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Focus on structures for gags

One of the more commonly asked questions about grouper fishing is: "How do I find productive spots?"

The bottom of the Gulf west of the Nature Coast primarily is empty sand. Though pelagic species move back and forth in the upper water column, benthic fish such as grouper and snapper prefer some cover. This could be a wreck, large limestone ledge or small aberration such as a hole or patch of flat, rocky bottom. While bottom fish move during seasonal changes and in rough sea conditions, they usually congregate near select structures for long periods or until somebody catches them. Therefore, the best grouper spots are those fished the least. Avoid areas where many boats are anchored and fishing. The longer a spot is left alone, the more fish likely will have gathered.

With advancements in positioning electronics, anyone can return to even the smallest rock reliably and accurately. This has placed heavy pressure on many of the larger rock piles and known ledges within 20 miles of the coast. Most of the tall ledges and structures easily discernable on a depth recorder already have been discovered by someone. Not that you may not get lucky and stumble onto something seldom fished, but most of the big scores come from harder to notice rocks.

If you find hook marks or leaders in the mouths of fish, it may be time to move on. The same goes for catching a disproportionate number of undersized fish. If there are a lot of gags coming up and none are more than 22 inches long, someone probably has taken the legal fish. While you may be able to grind out a keeper or two, you're not doing your black book any good beating up a tired location. A truly fresh grouper spot should have 25-50 percent keepers or better.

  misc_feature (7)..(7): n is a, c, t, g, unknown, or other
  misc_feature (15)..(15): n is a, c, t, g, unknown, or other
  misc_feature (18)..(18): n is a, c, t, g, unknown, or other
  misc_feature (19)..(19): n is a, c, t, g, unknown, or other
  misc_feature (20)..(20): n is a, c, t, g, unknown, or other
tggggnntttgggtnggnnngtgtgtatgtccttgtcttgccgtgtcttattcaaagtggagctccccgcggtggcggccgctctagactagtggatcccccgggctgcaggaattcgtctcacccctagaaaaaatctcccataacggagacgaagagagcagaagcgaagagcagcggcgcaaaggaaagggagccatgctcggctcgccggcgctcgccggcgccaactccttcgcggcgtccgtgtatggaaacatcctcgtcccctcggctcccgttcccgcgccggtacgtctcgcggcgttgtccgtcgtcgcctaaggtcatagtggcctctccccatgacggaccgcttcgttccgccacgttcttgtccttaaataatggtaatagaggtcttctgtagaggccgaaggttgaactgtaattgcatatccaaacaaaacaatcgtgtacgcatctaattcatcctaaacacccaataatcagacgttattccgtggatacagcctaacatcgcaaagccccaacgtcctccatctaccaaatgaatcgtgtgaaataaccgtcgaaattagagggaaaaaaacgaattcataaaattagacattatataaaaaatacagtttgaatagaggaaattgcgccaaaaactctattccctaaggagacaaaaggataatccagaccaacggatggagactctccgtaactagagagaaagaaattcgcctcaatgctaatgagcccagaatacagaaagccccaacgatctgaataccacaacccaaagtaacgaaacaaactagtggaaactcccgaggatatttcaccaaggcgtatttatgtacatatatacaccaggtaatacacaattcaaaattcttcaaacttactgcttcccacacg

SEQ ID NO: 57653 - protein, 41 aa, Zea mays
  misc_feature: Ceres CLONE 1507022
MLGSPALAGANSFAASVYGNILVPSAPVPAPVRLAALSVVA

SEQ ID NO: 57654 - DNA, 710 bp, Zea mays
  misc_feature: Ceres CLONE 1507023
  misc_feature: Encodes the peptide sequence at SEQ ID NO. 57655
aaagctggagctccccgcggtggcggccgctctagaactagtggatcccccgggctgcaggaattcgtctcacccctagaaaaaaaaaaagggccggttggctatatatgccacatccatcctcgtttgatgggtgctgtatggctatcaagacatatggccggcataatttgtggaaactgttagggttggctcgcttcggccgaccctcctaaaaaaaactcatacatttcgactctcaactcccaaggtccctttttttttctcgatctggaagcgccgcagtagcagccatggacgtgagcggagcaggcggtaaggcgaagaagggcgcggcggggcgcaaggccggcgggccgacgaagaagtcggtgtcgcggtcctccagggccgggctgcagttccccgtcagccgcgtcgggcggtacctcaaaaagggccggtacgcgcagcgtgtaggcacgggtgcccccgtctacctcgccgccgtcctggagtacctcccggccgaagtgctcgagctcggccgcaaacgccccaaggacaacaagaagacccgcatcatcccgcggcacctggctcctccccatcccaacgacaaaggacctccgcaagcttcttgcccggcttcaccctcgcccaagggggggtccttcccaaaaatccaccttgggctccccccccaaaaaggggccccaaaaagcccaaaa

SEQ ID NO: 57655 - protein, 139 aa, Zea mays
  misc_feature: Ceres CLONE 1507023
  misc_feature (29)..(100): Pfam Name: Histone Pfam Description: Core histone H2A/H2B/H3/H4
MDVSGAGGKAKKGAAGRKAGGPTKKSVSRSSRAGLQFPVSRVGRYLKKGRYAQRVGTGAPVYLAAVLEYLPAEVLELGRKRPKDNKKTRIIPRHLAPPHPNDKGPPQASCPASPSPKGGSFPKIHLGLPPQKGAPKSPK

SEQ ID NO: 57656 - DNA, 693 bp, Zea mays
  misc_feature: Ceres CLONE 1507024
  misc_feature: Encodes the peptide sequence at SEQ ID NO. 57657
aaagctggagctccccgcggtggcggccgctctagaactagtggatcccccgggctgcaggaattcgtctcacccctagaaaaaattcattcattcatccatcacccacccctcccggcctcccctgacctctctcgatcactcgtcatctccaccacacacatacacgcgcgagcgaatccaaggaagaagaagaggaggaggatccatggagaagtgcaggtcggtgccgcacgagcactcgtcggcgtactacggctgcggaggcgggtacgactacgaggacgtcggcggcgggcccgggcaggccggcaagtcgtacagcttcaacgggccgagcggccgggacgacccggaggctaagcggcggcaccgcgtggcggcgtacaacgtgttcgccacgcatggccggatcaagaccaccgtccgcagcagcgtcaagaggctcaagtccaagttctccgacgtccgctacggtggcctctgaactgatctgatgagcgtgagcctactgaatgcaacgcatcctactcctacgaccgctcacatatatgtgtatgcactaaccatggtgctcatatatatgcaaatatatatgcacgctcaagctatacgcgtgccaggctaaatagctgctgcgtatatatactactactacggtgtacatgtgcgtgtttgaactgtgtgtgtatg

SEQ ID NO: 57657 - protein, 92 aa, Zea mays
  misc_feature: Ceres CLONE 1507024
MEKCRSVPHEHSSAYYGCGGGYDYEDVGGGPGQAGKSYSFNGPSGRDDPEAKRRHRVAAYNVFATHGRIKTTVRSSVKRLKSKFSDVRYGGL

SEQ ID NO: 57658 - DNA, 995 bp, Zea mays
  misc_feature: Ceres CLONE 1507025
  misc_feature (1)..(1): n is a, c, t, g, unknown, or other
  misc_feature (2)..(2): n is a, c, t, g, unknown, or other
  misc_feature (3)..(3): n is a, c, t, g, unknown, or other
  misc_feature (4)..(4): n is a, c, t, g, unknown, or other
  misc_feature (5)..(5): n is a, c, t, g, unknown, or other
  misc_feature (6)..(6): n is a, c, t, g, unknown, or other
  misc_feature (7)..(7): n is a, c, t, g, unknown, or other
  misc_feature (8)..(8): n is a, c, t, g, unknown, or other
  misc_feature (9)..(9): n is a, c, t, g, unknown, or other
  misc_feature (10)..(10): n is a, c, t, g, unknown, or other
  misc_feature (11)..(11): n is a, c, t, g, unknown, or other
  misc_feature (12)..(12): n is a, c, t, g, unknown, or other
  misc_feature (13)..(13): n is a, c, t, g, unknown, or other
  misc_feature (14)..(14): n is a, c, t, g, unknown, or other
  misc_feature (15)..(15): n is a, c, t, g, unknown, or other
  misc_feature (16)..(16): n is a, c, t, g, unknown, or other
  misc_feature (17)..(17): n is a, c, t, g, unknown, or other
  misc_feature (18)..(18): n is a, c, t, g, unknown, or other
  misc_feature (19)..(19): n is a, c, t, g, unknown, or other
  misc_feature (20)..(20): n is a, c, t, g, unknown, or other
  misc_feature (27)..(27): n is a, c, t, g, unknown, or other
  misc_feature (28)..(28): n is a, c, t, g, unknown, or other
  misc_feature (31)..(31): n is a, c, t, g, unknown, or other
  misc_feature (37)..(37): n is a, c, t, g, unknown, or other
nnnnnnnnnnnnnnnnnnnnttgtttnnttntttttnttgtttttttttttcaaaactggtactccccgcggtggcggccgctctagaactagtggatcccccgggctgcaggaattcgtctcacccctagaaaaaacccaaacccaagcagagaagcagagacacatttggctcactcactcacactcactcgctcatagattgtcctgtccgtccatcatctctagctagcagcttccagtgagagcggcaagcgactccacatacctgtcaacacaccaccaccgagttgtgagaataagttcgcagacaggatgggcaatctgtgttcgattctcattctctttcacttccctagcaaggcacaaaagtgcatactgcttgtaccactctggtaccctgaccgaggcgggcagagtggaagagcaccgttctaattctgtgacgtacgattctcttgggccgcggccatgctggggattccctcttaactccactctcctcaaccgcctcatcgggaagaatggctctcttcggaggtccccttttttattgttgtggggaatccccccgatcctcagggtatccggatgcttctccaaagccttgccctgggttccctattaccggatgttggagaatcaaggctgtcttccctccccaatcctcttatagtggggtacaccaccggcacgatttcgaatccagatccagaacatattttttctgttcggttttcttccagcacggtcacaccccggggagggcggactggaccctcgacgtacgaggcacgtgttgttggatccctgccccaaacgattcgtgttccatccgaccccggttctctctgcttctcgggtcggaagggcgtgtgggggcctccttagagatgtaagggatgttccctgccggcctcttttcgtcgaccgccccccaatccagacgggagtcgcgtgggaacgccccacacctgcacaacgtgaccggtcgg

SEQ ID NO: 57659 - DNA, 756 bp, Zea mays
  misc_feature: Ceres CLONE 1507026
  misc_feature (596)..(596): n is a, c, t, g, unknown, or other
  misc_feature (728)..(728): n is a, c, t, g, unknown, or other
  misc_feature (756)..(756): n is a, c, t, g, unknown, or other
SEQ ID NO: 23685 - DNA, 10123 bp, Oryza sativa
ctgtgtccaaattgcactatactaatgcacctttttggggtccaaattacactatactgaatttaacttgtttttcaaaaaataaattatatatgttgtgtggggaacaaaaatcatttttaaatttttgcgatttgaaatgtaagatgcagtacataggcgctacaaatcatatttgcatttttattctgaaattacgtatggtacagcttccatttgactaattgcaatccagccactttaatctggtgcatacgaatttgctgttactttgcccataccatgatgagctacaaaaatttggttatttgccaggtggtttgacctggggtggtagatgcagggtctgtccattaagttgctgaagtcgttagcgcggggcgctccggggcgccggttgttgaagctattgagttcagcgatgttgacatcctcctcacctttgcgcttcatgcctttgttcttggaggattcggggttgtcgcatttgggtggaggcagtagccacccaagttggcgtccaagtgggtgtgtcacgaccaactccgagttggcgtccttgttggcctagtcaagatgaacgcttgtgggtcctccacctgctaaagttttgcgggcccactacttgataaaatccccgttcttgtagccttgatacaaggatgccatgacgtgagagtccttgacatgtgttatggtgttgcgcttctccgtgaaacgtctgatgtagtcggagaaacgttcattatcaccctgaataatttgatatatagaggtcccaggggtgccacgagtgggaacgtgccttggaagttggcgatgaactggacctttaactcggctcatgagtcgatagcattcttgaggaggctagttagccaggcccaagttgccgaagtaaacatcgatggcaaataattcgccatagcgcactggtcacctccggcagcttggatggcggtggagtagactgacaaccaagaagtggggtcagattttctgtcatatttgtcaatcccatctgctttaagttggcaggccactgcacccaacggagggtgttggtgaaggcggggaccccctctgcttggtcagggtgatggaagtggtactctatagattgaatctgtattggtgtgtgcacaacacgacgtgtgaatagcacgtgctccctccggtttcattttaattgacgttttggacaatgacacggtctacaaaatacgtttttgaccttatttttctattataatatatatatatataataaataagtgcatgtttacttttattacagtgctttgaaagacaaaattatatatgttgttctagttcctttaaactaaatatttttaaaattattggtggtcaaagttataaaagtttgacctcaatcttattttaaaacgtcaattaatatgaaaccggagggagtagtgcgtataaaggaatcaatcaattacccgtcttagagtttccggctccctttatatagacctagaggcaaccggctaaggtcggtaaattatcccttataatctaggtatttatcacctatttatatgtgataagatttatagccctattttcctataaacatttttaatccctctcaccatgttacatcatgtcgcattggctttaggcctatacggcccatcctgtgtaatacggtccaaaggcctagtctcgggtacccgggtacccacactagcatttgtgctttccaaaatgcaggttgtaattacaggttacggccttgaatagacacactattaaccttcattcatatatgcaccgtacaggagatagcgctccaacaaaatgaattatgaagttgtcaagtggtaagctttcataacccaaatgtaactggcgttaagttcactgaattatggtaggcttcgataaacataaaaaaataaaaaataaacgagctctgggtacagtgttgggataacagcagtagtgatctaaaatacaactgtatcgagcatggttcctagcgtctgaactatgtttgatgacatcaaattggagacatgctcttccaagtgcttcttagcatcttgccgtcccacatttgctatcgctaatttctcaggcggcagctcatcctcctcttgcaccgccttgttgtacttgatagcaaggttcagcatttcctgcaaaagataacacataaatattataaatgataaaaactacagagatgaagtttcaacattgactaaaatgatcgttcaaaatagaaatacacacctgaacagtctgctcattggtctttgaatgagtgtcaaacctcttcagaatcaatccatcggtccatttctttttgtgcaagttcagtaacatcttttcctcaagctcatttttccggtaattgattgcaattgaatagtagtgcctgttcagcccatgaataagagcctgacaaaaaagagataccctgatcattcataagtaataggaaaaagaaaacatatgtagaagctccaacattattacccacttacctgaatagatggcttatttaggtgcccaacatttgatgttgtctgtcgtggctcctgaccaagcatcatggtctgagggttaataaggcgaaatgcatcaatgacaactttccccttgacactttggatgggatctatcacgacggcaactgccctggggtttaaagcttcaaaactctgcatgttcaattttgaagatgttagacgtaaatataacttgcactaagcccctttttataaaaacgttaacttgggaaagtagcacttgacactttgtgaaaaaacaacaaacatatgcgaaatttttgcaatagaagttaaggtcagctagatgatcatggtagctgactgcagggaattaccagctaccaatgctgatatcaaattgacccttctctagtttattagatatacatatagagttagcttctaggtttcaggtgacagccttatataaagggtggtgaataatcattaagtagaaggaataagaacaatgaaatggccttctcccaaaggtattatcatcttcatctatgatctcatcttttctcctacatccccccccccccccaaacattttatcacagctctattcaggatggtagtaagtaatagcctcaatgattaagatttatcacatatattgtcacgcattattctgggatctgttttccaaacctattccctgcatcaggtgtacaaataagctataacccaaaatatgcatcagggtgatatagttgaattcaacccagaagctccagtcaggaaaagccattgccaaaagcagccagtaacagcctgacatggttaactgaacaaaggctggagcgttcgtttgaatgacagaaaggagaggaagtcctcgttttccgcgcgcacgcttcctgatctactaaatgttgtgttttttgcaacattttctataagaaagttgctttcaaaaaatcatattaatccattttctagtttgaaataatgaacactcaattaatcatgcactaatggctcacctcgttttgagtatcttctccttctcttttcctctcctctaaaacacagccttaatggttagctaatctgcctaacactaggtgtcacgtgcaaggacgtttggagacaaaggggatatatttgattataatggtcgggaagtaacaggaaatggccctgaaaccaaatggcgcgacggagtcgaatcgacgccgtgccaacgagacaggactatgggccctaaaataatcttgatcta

The discovery of these finds is part of the excitement. Last winter, some friends and I devoted a day to searching an area we never had fished about 18 miles off Tarpon Springs. We plotted the few numbers in a spot acquired from charts and a computer program. We spent several hours running from one to another, but all we found was flat, empty sand.

At 2 p.m., with no fish in the box, the crew was getting restless. Finally, the bottom machine indicated a subtle drop in depth in an otherwise flat bottom with a show of what appeared to be baitfish suspended over the middle. Had it just looked like bait or only been a dip in the sand, I wouldn't have stopped, but the combination warranted further investigation. We swung back around and found that the depression had a hint of hard bottom at its center. We tossed a marker jug, lowered the baits and drifted by. All five rods doubled over almost simultaneously with heavy fish. Soon, there were five keeper gags. This was it, the mother lode. We anchored and landed more than 25 keepers, saving back 15.

Being able to read the depth recorder when the boat is running is critical. If the machine doesn't read well, adjust the angle of the transducer or remount it in a new location. The time spent running should be used to scan the bottom. Don't be deterred from dropping a bait on a "what the heck" area. Sometimes it will pay off, making all the duds worthwhile.

Ed Walker charters out of Tarpon Springs. Call (727) 944-3474 or e-mail

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